Clients often ask about the use of electronic signatures. However, when we delve further into their questions, we tend to find there is a misunderstanding as to precisely what this means. Often what they really mean to ask is whether they can sign a contract with a pen and then fax it, or scan and email it, and whether the copy that is printed at the other end will be effective in the same way as an original. This is something altogether different from an electronic signature.
Thailand has established an excellent framework enabling the use of electronic documents for legal purposes. The primary legislation on this topic is the Electronic Transactions Act (ETA) of 2001. Subject to a few narrow exceptions, the ETA takes the general approach that an offer and acceptance may be expressed in the form of a data message, and that a contract shall not be denied legal effect on the sole ground that the offer or acceptance with respect to that contract was made in the form of a data message. The concept of “data messages” includes information generated, sent, received, stored, or processed by electronic means such as electronic data interchange, electronic mail, telegram, telex, or facsimile. So this framework offers considerable latitude and does not explicitly require the use of any particular system.
Regarding documents that must be in writing, a data message is deemed to constitute a written document if the information is accessible and usable for subsequent reference without alteration of its meaning. Similarly, when a signature is actually required on a particular document, the ETA provides it will be deemed signed if the electronic method used is capable of identifying the signatory and indicating the signatory approved the information in the data message as his/her own, and if such method is reliable and appropriate, having regard to the parties’ agreement in addition to the surrounding circumstances.
The ETA defines “electronic signature” as a letter, character, number, sound, or any other symbol created in electronic form and affixed to a data message in order to establish the association between a person and a data message for purposes of identifying the signatory and showing the signatory has approved the information contained therein. An electronic signature is considered reliable if the signature creation data are, within the context in which they are used, linked to the signatory and no other person; if the signature creation data were, at the time of signing, under the control of the signatory and no other person; if any post-signing alteration is detectable; and if where the signature is meant to indicate that the signatory attests to the completeness and integrity of the information, any alteration to such information is detectable. However, the law is clear that these criteria should not function to limit other possible ways of proving whether an electronic signature is reliable.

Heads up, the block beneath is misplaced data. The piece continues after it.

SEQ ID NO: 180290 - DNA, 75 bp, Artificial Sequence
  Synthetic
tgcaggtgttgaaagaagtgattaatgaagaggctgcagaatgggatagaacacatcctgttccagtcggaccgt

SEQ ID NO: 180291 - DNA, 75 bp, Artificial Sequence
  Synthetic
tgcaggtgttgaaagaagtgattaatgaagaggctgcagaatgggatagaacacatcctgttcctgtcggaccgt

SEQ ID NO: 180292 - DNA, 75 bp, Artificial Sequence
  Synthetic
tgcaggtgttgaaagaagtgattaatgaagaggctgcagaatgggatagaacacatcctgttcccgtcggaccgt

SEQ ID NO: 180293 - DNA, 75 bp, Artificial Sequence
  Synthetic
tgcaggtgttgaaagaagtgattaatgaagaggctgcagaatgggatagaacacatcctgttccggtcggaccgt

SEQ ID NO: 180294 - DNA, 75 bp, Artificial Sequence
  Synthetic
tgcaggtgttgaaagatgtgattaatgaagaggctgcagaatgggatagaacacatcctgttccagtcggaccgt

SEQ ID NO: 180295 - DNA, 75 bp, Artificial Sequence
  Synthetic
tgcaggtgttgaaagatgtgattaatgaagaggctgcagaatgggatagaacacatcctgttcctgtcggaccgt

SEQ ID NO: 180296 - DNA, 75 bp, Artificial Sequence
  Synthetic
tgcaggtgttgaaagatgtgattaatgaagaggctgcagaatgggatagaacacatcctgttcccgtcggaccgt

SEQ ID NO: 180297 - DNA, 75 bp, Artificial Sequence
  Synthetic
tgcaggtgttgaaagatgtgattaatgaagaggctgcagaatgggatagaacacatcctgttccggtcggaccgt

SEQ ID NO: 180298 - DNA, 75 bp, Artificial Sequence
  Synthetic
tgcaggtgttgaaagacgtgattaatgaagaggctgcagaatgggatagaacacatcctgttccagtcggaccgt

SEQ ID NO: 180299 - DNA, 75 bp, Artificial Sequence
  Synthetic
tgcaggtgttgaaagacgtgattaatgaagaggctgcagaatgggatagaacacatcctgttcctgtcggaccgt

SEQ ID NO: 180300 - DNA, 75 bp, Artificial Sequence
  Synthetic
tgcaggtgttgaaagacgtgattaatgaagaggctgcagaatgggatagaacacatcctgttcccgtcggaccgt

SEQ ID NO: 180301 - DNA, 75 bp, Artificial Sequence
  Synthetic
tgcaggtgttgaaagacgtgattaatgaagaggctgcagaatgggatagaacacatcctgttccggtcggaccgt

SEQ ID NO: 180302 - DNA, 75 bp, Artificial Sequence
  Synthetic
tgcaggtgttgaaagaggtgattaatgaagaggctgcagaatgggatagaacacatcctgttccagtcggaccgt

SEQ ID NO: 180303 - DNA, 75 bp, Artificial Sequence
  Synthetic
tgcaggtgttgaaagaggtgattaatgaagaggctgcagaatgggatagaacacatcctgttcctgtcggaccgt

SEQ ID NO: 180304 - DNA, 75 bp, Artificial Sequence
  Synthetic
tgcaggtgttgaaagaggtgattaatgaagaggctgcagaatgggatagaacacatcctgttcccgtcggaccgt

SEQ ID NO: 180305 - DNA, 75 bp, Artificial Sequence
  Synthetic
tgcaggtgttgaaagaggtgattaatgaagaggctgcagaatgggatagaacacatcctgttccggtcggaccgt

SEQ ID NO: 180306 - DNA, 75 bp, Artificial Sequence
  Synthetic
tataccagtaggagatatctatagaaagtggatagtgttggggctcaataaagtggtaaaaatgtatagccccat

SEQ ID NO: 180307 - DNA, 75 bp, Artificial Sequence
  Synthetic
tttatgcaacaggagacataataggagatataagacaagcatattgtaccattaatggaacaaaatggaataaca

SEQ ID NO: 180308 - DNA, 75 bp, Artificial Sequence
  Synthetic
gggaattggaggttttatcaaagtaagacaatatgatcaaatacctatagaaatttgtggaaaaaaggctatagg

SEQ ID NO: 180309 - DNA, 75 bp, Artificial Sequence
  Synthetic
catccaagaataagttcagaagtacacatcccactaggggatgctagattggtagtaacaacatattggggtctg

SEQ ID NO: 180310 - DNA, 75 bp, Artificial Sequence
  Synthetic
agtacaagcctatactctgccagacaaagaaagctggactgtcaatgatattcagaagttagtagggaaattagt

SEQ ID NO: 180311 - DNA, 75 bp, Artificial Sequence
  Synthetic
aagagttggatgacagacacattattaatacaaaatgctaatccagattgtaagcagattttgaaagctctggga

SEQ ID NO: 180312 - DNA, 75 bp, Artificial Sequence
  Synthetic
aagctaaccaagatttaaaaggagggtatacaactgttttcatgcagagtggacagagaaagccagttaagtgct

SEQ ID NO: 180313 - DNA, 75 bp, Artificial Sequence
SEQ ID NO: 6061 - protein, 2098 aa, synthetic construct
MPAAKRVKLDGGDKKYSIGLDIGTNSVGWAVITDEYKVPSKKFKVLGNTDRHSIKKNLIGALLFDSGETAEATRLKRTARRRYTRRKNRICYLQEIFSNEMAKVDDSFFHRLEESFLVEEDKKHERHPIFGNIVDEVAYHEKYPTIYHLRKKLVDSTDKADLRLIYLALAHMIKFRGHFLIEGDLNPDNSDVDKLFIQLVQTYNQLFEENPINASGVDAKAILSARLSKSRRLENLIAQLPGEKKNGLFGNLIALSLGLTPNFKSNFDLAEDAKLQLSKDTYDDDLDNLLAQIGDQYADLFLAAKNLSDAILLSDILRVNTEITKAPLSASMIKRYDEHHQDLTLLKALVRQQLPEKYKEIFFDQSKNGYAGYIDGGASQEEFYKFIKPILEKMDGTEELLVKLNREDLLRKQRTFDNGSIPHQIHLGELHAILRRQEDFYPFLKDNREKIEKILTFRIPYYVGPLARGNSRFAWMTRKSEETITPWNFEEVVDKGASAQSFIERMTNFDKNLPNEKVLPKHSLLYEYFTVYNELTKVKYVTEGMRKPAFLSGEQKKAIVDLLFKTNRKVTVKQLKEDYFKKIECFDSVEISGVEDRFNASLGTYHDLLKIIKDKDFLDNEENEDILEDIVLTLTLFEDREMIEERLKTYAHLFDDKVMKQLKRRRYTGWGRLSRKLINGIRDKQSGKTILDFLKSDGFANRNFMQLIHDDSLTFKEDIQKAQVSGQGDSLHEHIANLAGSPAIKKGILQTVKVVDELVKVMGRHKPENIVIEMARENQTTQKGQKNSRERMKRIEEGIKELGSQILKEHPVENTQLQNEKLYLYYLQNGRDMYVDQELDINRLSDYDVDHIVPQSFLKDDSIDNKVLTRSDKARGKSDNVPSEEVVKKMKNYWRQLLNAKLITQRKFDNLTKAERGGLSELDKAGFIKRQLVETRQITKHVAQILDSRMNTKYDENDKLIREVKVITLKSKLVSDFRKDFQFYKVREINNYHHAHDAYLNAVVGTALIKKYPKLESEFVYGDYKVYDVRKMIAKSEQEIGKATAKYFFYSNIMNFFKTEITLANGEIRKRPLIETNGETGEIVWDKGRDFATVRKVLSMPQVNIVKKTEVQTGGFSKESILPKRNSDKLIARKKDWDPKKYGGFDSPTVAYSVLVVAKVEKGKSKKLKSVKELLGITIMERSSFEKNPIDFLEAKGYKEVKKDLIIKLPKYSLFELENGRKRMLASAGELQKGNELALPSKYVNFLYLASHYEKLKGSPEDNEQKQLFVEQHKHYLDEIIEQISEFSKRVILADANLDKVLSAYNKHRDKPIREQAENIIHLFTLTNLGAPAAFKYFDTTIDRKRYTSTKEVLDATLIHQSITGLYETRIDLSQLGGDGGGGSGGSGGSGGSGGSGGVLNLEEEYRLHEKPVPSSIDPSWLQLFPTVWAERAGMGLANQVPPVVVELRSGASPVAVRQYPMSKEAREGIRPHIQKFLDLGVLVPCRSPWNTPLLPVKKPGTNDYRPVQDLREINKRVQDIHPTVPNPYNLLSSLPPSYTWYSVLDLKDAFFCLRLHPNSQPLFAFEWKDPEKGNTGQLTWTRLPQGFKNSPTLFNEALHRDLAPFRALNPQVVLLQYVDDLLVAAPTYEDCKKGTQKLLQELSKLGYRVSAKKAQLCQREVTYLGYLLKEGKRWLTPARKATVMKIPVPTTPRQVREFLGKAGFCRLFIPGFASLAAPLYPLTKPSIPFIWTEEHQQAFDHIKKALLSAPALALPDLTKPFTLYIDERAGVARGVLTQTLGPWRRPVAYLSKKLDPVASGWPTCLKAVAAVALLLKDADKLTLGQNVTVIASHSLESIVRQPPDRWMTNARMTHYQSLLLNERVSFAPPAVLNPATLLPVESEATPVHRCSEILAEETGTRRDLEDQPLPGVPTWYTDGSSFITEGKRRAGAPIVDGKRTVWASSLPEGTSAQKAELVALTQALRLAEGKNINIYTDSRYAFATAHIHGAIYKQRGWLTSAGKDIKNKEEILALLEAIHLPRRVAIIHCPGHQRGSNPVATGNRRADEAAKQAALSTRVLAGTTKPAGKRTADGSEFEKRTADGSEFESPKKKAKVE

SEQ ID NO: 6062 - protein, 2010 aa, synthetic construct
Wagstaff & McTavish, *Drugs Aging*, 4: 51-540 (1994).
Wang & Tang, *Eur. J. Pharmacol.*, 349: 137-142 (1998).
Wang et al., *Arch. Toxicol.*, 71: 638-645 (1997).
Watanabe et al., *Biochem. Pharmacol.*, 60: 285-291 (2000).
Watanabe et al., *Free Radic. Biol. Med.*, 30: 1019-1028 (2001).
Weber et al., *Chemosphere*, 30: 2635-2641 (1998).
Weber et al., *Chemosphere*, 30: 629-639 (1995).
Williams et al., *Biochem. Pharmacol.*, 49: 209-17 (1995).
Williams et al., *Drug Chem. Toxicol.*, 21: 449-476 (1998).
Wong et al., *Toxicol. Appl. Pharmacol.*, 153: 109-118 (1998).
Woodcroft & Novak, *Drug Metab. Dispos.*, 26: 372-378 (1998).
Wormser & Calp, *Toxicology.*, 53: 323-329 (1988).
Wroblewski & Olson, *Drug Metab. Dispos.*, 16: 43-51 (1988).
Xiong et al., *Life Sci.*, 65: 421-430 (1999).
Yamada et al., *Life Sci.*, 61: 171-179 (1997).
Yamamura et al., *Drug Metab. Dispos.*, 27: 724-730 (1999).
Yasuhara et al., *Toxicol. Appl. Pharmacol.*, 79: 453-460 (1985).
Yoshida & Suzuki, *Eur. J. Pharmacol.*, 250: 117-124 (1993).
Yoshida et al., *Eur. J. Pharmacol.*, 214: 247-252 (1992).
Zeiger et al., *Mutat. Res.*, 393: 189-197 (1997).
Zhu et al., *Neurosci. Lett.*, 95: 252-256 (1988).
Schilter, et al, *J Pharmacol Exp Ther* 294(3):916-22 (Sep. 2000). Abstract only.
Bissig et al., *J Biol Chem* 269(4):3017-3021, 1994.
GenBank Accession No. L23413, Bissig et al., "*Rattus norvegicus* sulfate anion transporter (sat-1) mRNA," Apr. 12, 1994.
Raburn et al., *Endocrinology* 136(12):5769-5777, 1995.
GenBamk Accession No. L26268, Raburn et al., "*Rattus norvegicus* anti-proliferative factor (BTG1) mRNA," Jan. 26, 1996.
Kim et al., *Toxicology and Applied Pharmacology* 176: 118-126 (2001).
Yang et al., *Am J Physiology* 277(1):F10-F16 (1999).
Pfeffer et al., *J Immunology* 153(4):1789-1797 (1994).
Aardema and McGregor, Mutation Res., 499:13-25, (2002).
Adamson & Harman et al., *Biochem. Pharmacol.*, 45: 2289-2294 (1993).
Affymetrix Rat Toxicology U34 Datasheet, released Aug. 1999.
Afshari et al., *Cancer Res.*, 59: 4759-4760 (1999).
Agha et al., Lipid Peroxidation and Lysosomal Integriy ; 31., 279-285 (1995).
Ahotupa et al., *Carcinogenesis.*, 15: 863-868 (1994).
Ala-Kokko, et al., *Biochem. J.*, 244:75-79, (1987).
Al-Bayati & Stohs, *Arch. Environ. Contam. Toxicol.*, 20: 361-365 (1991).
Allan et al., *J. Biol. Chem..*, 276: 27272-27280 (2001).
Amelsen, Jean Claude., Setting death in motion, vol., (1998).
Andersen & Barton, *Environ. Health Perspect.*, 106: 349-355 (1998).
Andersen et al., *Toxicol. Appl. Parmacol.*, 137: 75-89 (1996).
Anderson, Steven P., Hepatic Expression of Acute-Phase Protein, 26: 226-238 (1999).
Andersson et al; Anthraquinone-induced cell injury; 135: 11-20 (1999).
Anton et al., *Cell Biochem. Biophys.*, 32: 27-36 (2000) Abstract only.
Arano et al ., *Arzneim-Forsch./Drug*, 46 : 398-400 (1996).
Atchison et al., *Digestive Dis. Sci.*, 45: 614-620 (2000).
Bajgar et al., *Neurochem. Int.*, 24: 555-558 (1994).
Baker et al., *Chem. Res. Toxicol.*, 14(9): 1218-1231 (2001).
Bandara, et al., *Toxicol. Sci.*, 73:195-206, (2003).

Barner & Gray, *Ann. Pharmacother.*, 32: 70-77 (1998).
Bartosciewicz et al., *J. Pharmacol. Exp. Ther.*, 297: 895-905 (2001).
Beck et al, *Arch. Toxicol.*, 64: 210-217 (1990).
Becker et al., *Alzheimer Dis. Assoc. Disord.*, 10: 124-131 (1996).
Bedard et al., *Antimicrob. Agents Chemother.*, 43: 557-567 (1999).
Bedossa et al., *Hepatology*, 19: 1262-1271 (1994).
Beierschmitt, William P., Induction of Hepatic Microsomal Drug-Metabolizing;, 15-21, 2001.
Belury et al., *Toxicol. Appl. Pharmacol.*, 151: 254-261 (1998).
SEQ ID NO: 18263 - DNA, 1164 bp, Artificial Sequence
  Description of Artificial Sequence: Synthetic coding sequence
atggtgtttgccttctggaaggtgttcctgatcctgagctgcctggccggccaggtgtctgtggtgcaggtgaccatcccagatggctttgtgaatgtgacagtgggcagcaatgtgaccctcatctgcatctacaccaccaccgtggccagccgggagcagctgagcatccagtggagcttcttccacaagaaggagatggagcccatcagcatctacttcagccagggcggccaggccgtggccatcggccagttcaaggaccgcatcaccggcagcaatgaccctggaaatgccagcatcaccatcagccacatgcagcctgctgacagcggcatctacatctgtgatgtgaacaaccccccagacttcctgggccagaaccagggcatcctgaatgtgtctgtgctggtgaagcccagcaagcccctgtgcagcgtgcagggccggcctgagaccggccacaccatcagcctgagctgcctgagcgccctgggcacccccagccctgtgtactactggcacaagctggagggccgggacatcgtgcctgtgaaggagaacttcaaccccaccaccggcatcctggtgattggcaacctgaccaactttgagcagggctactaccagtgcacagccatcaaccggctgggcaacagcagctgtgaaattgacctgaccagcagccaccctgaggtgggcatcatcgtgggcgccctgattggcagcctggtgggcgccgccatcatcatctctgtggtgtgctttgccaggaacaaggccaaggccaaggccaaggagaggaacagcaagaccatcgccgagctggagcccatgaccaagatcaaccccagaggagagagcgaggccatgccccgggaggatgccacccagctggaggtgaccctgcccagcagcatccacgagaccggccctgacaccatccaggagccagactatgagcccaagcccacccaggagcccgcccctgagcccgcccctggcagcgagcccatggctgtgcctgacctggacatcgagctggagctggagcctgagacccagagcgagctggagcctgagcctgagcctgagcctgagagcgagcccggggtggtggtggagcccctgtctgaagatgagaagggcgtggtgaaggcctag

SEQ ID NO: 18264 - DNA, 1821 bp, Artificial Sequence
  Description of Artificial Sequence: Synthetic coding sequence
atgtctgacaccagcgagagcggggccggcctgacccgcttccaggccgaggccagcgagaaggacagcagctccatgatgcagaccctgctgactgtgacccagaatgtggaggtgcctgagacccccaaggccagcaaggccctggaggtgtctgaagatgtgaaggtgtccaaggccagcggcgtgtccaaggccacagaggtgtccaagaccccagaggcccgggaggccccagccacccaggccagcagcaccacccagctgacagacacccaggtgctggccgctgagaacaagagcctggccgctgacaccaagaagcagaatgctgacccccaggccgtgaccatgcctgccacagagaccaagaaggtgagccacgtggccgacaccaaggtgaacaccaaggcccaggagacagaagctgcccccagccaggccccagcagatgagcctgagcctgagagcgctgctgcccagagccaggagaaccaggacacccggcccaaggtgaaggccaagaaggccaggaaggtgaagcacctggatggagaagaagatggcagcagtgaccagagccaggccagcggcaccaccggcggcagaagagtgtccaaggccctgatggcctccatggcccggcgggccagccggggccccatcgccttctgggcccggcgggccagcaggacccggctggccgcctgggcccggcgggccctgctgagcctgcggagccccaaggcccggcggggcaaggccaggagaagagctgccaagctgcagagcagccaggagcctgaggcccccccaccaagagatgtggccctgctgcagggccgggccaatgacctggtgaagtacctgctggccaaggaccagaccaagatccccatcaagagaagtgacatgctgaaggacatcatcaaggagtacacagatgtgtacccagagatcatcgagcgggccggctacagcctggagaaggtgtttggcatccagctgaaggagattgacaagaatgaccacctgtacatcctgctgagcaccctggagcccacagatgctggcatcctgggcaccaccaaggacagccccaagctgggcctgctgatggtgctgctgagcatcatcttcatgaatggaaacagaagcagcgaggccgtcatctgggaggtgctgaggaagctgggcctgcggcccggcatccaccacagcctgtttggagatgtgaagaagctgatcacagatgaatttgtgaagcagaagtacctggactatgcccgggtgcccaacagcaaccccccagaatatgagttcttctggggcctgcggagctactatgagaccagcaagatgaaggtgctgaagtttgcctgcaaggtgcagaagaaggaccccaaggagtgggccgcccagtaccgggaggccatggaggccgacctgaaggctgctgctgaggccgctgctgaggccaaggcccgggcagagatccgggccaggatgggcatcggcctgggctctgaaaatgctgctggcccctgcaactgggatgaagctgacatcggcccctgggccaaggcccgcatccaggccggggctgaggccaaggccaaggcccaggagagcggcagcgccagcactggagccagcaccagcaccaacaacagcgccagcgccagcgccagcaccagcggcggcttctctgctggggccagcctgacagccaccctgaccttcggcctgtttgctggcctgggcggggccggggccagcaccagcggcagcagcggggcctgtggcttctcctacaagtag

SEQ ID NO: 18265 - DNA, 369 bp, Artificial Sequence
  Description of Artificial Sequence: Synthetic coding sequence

It is important to bear in mind that the law sets certain legal obligations for electronic signatories. Among these, they must exercise reasonable care to avoid unauthorized use of their signature creation data. In addition, one must quickly notify any person who may reasonably be expected to act in reliance on the electronic signature and/or the electronic signature service provider if the signatory knows or should have known that the signature creation data has been lost, damaged, compromised, unduly disclosed, or known in a manner inconsistent with its purpose, or if the signatory becomes aware that there is a substantial risk that the signature creation data may have been lost, damaged, compromised, unduly disclosed, or known in a manner inconsistent with its purpose. Finally, where a certificate is issued to support the electronic signature, a signatory must exercise reasonable care to ensure the accuracy and completeness of all the signatory’s material representations which are relevant to the certificate, throughout its validity.
Regarding legal proceedings, the ETA also makes express provisions for establishing the reliability and verifiability of data messages—quite relevant if there is potential for their use as evidence in court. Primarily, this has implications for the system by which data messages are maintained so as to evidence transmission and acceptance thereof. On this issue, the ETA provides that in assessing the evidential weight of a data message so as to conclude whether and to what extent it is reliable, regard shall be had to the reliability of the method by which the data message was generated, stored, and/or communicated and the methods by which the integrity of the information was maintained and by which its originator was identified or indicated, as well as all relevant circumstances. Thus, when using electronic documents, it is necessary to deploy a system that will capture, store, and ultimately be able to present each one in a way that proves reliable, particularly regarding the identity of the signers.
In brief, the ETA has set the framework to provide for an approach that does not require the use of any particular system. Rather, the ETA has established requirements based on capability and appropriateness. These are further developed in ministerial regulations promulgated under the ETA. Electronic commerce is certainly an area of growth in Thailand, and we can only look forward to further developments in electronic signatures.